CONCLUSIONS: The study provided information on various effects of seaweed extracts on Ae. aegypti. Further investigation on identifying the active compounds and their mechanisms of action is recommended.
METHODS: Two extractions were processed and further fractionated by column chromatography to evaluate the concentration that inhibit 50% of 2,2'-azinobis (3-ethylbenzothiazoline-6-suslfonic acid, 1,1-diphenyl-2-picryl-hydrazyl radicals, and their ferric reducing antioxidant power. The identification of the fractions of phenolic compounds was done by ultra performance liquid chromatography.
RESULTS: The aqueous-acetone extracts of Feretia apodanthera and Ozoroa insignis exhibited the highest antioxidant potentials comparable to those of the standard quercetin. Their subsequently silica gel column fractionation showed three most active fractions from which the major constituents quercetin, myricetin, kampferol, rutin and isoquercetin were identified.
CONCLUSIONS: These plant species have potent antioxidant profiles and polyphenol compounds that may help to manage with radical related disease and aging.
METHODS: Two types of extractions were used; aqueous and lipid. Three doses of each A. dactylomelan extract, respectively; 50, 100, 200 mg/kg were administered (i.p.) to male mice for mounting behavior test. Sildenafil citrate or Viagra® (5 mg/kg) being positive control while negative control received saline solution.
RESULTS: The animals treated with lipid extract at the respective dose exhibited mounting behavior, but the mounting frequency decreased at higher doses (100 and 200 mg/kg). However, all doses of aqueous extract did not show any mounting behavior. Meanwhile, in all doses of lipid extracts administered displayed significant difference (P<0.05) from the positive control. Despite this, only the lipid extract of 50 mg/kg showed significant difference (P<0.05) with negative control. This signifies that lipid extracts especially in dose 50 mg/kg have a substantial effect of aphrodisiac property. In addition, the presence of steroids was detected in the phytochemical screening of lipid extract.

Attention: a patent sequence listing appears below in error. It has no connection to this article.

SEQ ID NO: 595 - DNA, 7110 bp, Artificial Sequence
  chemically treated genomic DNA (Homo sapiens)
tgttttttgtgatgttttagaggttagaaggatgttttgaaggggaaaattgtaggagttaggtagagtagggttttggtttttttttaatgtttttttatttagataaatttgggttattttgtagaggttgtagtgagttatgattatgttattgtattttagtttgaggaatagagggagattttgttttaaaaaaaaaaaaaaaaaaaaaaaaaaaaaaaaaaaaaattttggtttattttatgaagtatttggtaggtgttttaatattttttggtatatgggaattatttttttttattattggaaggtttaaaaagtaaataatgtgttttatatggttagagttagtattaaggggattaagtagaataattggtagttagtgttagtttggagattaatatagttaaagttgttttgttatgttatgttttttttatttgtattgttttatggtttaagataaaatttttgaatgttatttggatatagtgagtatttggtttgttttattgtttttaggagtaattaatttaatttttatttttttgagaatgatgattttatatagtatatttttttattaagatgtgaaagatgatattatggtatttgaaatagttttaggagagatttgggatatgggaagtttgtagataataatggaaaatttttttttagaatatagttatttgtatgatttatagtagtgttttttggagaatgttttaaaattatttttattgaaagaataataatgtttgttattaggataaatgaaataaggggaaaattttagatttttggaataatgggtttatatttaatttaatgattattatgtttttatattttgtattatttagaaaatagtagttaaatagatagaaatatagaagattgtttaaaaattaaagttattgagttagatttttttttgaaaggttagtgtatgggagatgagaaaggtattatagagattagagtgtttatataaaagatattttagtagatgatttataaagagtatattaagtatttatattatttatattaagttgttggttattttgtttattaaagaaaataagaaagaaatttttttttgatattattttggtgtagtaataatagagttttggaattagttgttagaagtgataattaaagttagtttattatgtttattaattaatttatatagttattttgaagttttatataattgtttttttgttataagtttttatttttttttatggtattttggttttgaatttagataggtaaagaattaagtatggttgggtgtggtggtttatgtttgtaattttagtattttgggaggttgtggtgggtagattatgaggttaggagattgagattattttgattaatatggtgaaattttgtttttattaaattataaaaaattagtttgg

CONLUSIONS: The findings from this study provides preliminary scientific evidence that A. dactylomela could be used as an alternative medication of natural product for promoting sexual activity in men.
METHODS: A total of 170 blood sample were collected from domestic and stray cats and examined for filarial worm parasites in two localities, Pulau Carey and Bukit Gasing, Selangor State, Malaysia.
RESULTS: The overall prevalence of infection was 23.5% (40/170; 95% CI = 17.4-30.6). Of this, 35% (14/40; 95% CI = 22.1-50.5) and 50% (20/40; 95% CI = 35.2-64.8) were positive for single B. pahangi nd D. repens, respectively. The remaining of 15% (6/40; 95% CI = 7.1-29.1) were positive for mixed B. pahangi and D. repens. In addition, 75% of the infected cats were domestic, and 25% were strays. No Brugia malayi and Dirofilaria immitis was detected. Eighty-four cats were captured at Pulau Carey, of which 35.7% (30/84) were infected. Among the cats determined to be infected, 93% (28/30; 95% CI = 78.7-98.2) were domestic, and only 6.7% (2/30; 95% CI = 19.0-21.3) were strays. Conversely, the number of infected cats was three times lower in Bukit Gasing than in Pulau Carey, and most of the cats were stray.
CONCLUSIONS: B. pahangi and D. repens could be the major parasites underlying filariasis in the study area. Adequate prophylactic plans should be administrated in the cat population in study area.